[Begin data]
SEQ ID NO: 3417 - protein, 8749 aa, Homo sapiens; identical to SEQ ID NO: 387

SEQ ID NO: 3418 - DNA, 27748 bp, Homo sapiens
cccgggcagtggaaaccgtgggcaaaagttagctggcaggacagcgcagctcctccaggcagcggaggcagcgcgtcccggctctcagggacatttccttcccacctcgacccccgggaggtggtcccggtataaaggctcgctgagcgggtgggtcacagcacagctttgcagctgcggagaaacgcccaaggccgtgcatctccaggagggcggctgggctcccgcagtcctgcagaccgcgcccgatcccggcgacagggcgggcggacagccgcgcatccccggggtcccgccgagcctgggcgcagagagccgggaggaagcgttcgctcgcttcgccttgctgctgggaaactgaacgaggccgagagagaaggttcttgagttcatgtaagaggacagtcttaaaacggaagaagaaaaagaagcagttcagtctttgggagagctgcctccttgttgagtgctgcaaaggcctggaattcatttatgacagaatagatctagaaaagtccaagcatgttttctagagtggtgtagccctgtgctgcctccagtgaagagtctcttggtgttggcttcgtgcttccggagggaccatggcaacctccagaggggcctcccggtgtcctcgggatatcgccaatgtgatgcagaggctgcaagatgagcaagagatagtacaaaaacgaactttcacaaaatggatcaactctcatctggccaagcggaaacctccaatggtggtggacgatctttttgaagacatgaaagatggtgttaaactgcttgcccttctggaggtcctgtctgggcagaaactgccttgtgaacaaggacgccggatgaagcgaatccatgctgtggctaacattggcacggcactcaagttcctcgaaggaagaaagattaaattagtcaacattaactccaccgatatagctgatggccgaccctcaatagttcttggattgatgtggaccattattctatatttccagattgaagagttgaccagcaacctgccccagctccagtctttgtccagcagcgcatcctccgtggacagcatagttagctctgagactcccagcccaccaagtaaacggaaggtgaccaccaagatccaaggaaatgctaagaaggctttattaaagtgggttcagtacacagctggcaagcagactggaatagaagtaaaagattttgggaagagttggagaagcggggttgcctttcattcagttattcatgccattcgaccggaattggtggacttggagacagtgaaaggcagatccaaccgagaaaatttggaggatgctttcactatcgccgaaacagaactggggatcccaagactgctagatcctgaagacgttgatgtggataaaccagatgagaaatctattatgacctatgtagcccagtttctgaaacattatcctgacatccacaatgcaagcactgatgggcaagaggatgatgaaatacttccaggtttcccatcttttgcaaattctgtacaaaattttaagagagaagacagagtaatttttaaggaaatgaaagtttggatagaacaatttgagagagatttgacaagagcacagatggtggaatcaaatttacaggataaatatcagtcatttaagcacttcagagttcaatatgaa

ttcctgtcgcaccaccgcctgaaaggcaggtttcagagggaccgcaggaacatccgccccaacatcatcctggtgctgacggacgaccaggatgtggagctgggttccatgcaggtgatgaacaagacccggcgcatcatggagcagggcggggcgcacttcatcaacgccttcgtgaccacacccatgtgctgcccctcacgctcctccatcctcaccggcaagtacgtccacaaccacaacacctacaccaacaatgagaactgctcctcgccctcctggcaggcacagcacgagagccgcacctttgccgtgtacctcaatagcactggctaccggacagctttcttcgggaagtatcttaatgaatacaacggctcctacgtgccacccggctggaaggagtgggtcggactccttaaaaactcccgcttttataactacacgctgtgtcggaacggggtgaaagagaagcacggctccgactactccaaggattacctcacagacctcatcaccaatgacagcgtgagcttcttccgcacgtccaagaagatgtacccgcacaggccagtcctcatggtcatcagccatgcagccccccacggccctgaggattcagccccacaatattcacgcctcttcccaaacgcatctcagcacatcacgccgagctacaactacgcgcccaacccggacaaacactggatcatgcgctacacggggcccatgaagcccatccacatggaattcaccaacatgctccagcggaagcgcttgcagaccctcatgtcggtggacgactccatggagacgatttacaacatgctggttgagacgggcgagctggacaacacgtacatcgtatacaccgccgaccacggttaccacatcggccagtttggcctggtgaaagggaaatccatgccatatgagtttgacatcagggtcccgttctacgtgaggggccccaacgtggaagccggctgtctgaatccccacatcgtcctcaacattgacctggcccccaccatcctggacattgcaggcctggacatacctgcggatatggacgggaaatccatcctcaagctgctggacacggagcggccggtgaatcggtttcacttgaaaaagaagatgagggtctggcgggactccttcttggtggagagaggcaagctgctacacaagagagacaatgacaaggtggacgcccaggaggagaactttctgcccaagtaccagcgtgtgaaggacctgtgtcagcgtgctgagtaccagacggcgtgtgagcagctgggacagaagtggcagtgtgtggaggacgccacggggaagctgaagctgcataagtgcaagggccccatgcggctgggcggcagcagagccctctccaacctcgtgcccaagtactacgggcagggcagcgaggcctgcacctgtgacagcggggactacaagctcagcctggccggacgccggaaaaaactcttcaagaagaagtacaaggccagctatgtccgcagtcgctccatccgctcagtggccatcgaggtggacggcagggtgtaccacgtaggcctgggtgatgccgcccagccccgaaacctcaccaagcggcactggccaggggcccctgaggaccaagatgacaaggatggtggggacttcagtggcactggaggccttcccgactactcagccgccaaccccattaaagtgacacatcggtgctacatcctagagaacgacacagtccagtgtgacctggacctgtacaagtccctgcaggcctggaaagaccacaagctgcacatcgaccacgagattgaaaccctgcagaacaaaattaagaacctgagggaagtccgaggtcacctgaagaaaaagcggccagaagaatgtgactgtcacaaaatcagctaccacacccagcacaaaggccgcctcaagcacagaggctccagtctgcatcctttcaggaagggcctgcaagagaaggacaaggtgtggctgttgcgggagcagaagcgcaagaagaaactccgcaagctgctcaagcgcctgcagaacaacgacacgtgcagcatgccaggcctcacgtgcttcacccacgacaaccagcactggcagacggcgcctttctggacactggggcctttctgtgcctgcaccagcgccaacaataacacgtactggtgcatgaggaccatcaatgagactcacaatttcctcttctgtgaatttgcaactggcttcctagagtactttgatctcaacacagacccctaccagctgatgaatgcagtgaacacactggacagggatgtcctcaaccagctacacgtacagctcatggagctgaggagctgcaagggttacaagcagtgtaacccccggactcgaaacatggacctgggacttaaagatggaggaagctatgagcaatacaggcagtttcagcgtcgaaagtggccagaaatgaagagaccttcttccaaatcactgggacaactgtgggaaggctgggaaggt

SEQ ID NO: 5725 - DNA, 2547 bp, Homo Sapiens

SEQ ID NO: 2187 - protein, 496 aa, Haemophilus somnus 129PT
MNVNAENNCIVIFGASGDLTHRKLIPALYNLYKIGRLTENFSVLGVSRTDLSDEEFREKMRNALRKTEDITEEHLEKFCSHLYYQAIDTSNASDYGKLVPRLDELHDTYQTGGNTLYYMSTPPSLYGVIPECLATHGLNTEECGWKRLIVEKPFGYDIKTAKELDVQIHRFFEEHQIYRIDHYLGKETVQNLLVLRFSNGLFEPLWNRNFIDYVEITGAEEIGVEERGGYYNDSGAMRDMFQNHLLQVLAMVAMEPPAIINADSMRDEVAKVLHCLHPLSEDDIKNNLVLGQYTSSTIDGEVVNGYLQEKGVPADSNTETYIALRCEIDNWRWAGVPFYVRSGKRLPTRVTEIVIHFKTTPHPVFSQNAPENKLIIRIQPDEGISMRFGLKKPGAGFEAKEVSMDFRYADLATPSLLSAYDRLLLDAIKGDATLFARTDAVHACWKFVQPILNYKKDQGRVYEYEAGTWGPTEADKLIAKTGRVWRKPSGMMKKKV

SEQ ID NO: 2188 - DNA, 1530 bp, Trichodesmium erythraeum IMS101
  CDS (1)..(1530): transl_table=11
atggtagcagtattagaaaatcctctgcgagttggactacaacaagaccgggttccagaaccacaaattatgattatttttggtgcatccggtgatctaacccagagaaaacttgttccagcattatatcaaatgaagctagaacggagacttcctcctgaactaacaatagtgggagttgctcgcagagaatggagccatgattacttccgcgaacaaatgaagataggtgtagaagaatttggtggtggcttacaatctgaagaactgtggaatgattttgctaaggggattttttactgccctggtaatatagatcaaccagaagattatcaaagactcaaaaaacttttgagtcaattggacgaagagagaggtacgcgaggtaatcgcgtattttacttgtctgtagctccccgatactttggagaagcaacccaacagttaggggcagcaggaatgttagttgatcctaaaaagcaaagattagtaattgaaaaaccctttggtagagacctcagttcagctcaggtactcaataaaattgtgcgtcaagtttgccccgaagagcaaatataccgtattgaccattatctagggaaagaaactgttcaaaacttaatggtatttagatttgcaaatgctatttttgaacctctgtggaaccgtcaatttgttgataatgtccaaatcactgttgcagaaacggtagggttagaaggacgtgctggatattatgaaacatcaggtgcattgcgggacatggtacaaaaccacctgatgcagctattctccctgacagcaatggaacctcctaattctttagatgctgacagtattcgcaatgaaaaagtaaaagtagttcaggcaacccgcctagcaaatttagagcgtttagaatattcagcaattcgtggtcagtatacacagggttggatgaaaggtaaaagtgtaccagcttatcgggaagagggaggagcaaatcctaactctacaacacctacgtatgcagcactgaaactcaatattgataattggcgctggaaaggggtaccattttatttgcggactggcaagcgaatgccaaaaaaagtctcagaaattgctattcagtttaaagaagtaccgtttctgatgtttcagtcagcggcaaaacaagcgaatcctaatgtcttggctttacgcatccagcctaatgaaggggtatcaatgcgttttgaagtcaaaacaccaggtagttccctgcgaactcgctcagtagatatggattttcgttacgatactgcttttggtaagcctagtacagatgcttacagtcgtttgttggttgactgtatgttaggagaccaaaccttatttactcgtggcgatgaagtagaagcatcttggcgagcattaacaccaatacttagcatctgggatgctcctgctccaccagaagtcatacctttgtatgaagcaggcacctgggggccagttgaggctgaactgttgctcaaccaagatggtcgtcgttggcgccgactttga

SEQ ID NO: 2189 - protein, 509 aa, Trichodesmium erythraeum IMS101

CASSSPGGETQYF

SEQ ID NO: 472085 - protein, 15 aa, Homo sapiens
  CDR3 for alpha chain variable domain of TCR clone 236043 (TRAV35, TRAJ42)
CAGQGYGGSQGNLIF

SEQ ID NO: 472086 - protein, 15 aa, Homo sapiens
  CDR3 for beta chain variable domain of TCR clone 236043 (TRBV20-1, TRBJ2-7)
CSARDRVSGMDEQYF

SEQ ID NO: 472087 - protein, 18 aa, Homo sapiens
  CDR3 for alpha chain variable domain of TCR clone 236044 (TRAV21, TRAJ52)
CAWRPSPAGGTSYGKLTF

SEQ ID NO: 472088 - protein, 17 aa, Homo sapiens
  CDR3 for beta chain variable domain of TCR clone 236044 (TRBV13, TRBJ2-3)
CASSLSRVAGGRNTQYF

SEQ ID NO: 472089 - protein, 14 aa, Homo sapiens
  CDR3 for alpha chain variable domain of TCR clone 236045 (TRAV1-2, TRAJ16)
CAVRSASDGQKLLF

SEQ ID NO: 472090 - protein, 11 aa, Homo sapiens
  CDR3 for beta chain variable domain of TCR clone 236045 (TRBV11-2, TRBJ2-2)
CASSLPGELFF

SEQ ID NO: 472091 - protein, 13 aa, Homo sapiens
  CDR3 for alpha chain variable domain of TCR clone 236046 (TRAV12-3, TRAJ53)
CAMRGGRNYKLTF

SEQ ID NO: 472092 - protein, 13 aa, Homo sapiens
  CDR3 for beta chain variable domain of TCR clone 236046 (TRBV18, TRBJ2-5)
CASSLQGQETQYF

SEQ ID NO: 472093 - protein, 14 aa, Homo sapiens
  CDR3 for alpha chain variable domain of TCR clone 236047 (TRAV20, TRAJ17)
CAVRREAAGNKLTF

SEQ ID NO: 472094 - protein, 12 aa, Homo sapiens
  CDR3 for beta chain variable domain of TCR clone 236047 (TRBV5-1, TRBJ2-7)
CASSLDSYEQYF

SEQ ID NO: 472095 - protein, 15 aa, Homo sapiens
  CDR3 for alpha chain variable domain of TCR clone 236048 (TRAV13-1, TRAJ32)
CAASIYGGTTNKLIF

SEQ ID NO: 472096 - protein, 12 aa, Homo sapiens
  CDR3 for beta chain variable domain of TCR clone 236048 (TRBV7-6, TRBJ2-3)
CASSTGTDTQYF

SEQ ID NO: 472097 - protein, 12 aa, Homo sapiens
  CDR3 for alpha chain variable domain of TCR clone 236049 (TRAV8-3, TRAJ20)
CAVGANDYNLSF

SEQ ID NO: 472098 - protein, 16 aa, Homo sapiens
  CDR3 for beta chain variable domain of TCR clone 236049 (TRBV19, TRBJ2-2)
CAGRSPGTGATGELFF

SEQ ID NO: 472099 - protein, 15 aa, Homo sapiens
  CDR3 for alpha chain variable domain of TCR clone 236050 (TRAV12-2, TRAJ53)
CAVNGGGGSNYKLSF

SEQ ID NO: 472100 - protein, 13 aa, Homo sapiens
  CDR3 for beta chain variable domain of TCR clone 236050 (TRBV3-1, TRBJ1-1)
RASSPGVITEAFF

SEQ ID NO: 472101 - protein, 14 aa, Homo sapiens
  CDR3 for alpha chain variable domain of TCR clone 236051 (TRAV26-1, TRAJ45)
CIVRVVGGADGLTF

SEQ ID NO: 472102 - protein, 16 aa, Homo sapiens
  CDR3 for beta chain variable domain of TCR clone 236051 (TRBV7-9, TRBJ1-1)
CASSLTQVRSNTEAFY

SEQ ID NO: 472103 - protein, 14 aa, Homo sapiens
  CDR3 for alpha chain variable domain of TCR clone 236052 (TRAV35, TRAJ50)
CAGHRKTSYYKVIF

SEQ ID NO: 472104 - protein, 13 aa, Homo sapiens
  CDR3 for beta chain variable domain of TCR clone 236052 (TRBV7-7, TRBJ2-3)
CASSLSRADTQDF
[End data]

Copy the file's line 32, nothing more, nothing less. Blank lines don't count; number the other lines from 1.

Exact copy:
  CDR3 for alpha chain variable domain of TCR clone 236046 (TRAV12-3, TRAJ53)